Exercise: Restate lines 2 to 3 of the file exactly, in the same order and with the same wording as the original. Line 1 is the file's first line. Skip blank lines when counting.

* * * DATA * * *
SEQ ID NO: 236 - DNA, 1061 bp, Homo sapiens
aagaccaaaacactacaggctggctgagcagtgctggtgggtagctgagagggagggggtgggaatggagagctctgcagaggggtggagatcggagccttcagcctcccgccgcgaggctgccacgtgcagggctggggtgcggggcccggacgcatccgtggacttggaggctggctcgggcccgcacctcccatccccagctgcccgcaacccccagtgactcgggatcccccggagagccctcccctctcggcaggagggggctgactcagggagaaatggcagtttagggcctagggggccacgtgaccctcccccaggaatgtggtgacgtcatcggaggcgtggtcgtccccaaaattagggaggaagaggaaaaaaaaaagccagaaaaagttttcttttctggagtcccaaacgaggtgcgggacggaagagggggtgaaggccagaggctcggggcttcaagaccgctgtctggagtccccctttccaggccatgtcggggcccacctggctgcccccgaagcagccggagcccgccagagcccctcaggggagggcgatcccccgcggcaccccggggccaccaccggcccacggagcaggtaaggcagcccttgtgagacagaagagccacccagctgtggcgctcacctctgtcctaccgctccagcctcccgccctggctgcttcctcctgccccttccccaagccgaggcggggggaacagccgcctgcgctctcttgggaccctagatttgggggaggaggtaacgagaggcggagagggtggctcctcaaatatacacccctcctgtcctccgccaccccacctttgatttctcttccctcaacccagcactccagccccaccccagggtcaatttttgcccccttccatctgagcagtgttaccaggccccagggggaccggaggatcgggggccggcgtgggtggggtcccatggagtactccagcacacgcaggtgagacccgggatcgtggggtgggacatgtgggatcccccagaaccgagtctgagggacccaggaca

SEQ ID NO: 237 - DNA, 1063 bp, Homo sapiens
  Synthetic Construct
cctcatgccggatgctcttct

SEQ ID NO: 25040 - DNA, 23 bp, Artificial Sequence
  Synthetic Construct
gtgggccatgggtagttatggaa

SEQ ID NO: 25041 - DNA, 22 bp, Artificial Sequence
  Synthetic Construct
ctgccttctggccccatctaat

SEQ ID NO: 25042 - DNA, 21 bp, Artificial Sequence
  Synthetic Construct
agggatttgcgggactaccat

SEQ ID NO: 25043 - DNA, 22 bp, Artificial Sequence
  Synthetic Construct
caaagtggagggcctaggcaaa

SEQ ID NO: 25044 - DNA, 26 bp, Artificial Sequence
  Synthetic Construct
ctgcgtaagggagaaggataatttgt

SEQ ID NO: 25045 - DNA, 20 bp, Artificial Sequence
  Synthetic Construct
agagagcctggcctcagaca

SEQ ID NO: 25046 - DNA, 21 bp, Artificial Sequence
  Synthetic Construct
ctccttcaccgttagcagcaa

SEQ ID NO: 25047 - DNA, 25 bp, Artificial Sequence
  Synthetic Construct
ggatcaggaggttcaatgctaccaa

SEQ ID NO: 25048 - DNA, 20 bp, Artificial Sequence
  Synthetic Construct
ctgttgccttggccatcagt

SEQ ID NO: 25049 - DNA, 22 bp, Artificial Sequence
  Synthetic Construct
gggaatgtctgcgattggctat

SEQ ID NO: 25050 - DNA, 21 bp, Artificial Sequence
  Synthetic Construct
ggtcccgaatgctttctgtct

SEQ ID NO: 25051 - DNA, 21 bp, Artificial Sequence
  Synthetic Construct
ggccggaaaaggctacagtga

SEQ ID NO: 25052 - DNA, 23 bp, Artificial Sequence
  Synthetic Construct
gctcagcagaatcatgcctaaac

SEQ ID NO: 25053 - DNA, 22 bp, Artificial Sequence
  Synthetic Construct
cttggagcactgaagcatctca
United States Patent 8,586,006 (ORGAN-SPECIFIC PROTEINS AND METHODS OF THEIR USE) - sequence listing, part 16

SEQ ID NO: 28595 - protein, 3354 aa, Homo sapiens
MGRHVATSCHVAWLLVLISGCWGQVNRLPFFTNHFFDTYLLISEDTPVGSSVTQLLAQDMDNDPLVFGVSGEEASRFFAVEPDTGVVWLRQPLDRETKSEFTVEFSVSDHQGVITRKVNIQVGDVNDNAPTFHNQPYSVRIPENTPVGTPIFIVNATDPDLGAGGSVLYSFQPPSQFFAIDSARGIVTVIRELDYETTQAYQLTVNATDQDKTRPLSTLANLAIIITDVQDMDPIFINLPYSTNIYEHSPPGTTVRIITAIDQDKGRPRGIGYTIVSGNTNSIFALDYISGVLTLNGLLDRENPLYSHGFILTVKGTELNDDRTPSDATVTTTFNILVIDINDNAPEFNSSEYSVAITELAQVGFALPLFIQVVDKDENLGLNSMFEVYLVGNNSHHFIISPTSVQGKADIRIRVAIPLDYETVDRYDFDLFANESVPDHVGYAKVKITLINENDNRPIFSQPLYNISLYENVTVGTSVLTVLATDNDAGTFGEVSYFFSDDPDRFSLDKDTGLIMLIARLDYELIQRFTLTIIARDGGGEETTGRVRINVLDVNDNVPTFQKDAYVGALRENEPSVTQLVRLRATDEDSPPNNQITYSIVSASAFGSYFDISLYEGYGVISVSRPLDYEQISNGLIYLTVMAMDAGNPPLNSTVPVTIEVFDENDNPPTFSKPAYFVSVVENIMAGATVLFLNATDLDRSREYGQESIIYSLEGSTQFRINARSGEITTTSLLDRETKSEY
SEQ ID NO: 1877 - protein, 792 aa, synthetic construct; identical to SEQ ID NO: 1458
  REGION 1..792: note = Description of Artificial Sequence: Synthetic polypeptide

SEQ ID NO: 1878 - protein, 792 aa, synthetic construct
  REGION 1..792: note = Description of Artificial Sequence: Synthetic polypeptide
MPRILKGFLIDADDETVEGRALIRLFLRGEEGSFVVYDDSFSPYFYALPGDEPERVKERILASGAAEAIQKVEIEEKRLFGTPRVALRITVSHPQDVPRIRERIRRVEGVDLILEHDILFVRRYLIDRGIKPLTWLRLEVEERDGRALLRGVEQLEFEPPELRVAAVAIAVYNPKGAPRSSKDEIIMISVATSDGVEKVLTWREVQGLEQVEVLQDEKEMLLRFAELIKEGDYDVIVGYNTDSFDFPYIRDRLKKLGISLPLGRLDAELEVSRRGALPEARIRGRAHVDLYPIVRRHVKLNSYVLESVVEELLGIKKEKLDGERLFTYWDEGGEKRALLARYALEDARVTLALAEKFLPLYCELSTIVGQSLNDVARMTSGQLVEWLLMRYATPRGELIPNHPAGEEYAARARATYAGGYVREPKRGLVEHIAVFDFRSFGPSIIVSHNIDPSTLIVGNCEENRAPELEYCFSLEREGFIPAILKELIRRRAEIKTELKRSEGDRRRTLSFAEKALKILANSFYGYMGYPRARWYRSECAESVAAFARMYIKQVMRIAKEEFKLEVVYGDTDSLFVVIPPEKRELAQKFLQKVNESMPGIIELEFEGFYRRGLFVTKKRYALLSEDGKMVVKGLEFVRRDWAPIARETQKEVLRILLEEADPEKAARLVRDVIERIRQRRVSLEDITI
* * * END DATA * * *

aagaccaaaacactacaggctggctgagcagtgctggtgggtagctgagagggagggggtgggaatggagagctctgcagaggggtggagatcggagccttcagcctcccgccgcgaggctgccacgtgcagggctggggtgcggggcccggacgcatccgtggacttggaggctggctcgggcccgcacctcccatccccagctgcccgcaacccccagtgactcgggatcccccggagagccctcccctctcggcaggagggggctgactcagggagaaatggcagtttagggcctagggggccacgtgaccctcccccaggaatgtggtgacgtcatcggaggcgtggtcgtccccaaaattagggaggaagaggaaaaaaaaaagccagaaaaagttttcttttctggagtcccaaacgaggtgcgggacggaagagggggtgaaggccagaggctcggggcttcaagaccgctgtctggagtccccctttccaggccatgtcggggcccacctggctgcccccgaagcagccggagcccgccagagcccctcaggggagggcgatcccccgcggcaccccggggccaccaccggcccacggagcaggtaaggcagcccttgtgagacagaagagccacccagctgtggcgctcacctctgtcctaccgctccagcctcccgccctggctgcttcctcctgccccttccccaagccgaggcggggggaacagccgcctgcgctctcttgggaccctagatttgggggaggaggtaacgagaggcggagagggtggctcctcaaatatacacccctcctgtcctccgccaccccacctttgatttctcttccctcaacccagcactccagccccaccccagggtcaatttttgcccccttccatctgagcagtgttaccaggccccagggggaccggaggatcgggggccggcgtgggtggggtcccatggagtactccagcacacgcaggtgagacccgggatcgtggggtgggacatgtgggatcccccagaaccgagtctgagggacccaggaca

SEQ ID NO: 237 - DNA, 1063 bp, Homo sapiens